"Newman’s piece built from a lush,
chorale-like treatment of its folk-melodic material into an increasingly violent
furor on the strings — punctuated by percussive eruptions from the keyboard —
before starting to wittily jump-cut back and forth between well-mannered chorale
and haywire explosiveness." [Clancy
Newman's "Juxt-Opposition" at the Kennedy Center] Washington Post, 2012
Chopin: Sonata (III)
Mendelssohn: Sonata (IV)
Method to Madness
The Pizzicato Piece
Newman: Pizzicato Piece
Aaron Jay Kernis Trio in Red
Return to Clancy Newman homepage
photo credit: J. Henry Fair
Clancy Newman, cello
Australian 2012 [PDF] "intoxicating sensuality"
Sydney Morning Herald 2012 [PDF] “a lush, generous tone”
Chicago Classical Review 2011 [PDF] " a tour de force”
Inquirer, November 2009
Philadelphia Inquirer, December 2009 educational outreach article
"I knew from the moment Newman began to spin
out the gorgeous open-hearted melody that opens the work that this performance
was going to be special."
Arkiv Music [CD review]
"Along with a technique that seems to possess no limitations, his playing is
unobtrusive, responsive and beautiful."
"the opening of the Shostakovich was
gloriously eerie, triumphantly weird, with Newman negotiating the opening melody
all in harmonics with the nail-biting grace of a tightrope walker."
Sydney Morning Herald
“Newman was exceptional…playing with bristling intensity…. a tour de force.”
Chicago Classical Review
"Newman…seems to be in a class of his own: His phrasing choices seem
indisputably right, but you can’t verbalize why because they’re so intuitively
conceived. I can think of only one other cellist like that – the late Jacqueline
The Philadelphia Inquirer
"…Clancy Newman played it
with an exhilarating energy and a clear sense of its contours." [Ligeti Sonata
for Solo Cello]
The New York Times
"It was exhilarating to watch….Newman had no difficulty projecting his
aggressive, hard–edged sound."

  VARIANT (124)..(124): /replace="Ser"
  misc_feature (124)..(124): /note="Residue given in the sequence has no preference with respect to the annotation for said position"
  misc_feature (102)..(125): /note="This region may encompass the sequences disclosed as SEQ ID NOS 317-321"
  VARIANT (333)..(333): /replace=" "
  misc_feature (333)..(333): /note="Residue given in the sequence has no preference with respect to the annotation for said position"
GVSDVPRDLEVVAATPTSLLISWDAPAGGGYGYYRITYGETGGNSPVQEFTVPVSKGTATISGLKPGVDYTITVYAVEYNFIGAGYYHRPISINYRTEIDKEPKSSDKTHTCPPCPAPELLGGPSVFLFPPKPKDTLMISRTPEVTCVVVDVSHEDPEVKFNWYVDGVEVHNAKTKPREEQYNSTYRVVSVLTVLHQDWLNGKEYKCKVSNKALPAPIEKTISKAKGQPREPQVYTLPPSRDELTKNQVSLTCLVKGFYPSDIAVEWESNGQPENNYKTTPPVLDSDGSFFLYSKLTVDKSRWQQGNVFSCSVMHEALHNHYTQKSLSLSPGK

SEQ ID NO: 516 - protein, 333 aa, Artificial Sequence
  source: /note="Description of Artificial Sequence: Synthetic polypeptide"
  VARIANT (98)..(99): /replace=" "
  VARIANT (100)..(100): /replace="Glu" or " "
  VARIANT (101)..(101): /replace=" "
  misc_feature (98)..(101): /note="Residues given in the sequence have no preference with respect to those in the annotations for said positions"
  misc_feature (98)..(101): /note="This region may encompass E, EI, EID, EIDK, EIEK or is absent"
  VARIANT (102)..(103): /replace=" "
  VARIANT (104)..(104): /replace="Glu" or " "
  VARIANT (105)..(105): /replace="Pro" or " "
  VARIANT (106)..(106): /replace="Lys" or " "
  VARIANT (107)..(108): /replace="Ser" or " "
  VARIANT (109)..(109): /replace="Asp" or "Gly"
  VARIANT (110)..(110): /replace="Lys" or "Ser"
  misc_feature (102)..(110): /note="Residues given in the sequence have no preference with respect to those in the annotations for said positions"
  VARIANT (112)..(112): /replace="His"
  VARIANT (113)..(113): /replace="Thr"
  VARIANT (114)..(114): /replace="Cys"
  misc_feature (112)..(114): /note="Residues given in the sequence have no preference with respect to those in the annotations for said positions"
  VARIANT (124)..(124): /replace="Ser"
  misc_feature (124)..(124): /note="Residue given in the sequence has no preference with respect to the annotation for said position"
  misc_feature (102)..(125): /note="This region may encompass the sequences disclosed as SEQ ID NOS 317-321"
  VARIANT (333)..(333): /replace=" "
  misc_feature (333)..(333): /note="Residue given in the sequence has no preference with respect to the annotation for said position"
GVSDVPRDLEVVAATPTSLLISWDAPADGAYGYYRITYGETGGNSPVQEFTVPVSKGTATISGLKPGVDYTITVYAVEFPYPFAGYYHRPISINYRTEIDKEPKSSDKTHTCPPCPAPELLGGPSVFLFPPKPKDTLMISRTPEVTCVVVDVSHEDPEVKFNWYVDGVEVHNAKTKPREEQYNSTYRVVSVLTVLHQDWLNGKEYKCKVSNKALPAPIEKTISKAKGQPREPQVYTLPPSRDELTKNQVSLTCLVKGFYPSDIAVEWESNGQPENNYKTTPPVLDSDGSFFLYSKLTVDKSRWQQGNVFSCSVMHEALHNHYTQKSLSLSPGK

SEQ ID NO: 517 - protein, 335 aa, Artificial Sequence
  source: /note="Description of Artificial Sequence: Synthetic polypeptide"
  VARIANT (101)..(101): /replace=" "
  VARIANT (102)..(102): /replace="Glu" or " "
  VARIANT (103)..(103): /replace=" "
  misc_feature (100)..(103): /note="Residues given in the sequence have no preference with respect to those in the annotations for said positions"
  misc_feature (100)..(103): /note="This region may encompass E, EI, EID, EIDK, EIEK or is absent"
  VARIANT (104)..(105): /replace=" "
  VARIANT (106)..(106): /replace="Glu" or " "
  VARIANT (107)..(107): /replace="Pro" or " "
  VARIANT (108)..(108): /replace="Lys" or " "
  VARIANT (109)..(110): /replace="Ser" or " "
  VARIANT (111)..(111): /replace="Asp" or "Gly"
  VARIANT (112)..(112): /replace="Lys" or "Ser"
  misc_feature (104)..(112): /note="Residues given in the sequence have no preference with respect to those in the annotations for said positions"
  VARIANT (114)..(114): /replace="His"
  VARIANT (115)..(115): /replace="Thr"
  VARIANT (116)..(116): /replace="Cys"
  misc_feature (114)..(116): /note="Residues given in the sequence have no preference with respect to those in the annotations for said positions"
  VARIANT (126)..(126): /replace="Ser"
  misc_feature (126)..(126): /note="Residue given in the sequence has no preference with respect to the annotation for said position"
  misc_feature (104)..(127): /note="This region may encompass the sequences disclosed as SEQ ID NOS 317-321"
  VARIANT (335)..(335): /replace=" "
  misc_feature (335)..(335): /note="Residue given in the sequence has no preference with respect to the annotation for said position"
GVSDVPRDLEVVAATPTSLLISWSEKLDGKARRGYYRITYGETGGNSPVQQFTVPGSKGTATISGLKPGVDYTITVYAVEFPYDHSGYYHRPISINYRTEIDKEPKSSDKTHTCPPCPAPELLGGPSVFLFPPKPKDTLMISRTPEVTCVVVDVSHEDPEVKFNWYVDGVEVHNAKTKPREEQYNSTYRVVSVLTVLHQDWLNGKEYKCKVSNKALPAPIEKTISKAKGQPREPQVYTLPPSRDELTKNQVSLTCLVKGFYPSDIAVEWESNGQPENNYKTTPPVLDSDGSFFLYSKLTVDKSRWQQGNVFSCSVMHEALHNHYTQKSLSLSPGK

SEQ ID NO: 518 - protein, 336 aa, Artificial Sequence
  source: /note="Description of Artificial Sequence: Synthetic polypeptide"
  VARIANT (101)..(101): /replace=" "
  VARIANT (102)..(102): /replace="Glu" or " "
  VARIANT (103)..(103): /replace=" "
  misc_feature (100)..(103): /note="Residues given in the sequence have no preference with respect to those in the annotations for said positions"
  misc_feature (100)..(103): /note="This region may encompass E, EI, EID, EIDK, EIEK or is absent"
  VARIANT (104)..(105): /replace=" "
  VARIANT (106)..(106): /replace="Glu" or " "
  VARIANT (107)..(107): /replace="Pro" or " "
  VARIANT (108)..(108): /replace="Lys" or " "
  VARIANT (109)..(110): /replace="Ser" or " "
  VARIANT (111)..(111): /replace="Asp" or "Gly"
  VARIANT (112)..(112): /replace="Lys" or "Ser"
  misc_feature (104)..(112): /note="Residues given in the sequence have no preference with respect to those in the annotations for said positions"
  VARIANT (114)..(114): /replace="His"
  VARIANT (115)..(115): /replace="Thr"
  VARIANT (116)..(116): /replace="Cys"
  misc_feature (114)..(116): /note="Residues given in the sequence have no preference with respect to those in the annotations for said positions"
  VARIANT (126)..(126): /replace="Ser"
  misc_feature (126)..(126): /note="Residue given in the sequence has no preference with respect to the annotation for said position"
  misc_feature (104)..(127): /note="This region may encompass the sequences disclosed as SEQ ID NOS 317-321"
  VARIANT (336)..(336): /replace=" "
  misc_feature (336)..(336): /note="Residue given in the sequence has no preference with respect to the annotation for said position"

[Barber Cello concerto]
"Cellist Clancy Newman quickly won listeners’ hearts, exhibiting both a
sensitivity and intensity…"
"Newman…plays with an intensity and fervor most soloists could only envy...
Newman’s technical mastery proved entirely dazzling. He makes the case for
composition and performance as being activities that are intimately bound up
with each other."
San Francisco Chronicle
"[The] recital…began with Newman’s own Music for Unaccompanied Cello (2003),
which was introduced by fellow composer Bruce Adolphe as ‘music so hard that
even [Newman] cannot believe he’s playing it.’ And a bravura display it was."
"Newman reminds me a bit of Joshua Bell. He is a throwback to those golden
days when string players were not afraid to express themselves with generous
amounts of vibrato."
New York Sun
"…an extraordinary player. His technique is brilliant but not showy and
so natural that one forgets about it; playing with impeccable intonation and
great speed and facility, he projects a sense of absolute security. His tone is
dark, warm, and intense, with remarkable carrying power even in a floating
New York Concert Review
"The youthful Newman once again proved that he is an exceptional cellist and
also a valuable chamber musician."
"when you encounter cellist Clancy Newman, whose Philadelphia recital debut
was Sunday at the Kimmel Center for the Performing Arts, you hear what you
didn’t know you were missing: Classics utterly transformed without being
dismantled.… what holds them together was illuminated by Newman with intense,
coloristically varied tone at lower volume levels that, for most cellists, just
isn’t possible.… Newman performed them in the way Maria Callas sang bel canto
opera: The score releases the performer’s personality, re-creating the piece as
soliloquy that’s somehow both personal and universal….you’d want to hear him
play almost anything."
The Philadelphia Inquirer
"Hooray for Clancy Newman. This upstate New York native is one of the most
acclaimed young cellists out there"
Philadelphia City Paper
"The program opened with [Yael] Weiss and
Newman in a charm-exuding performance of Schumann’s Fantasiestucke for Cello and
Orchestra, Opus 73."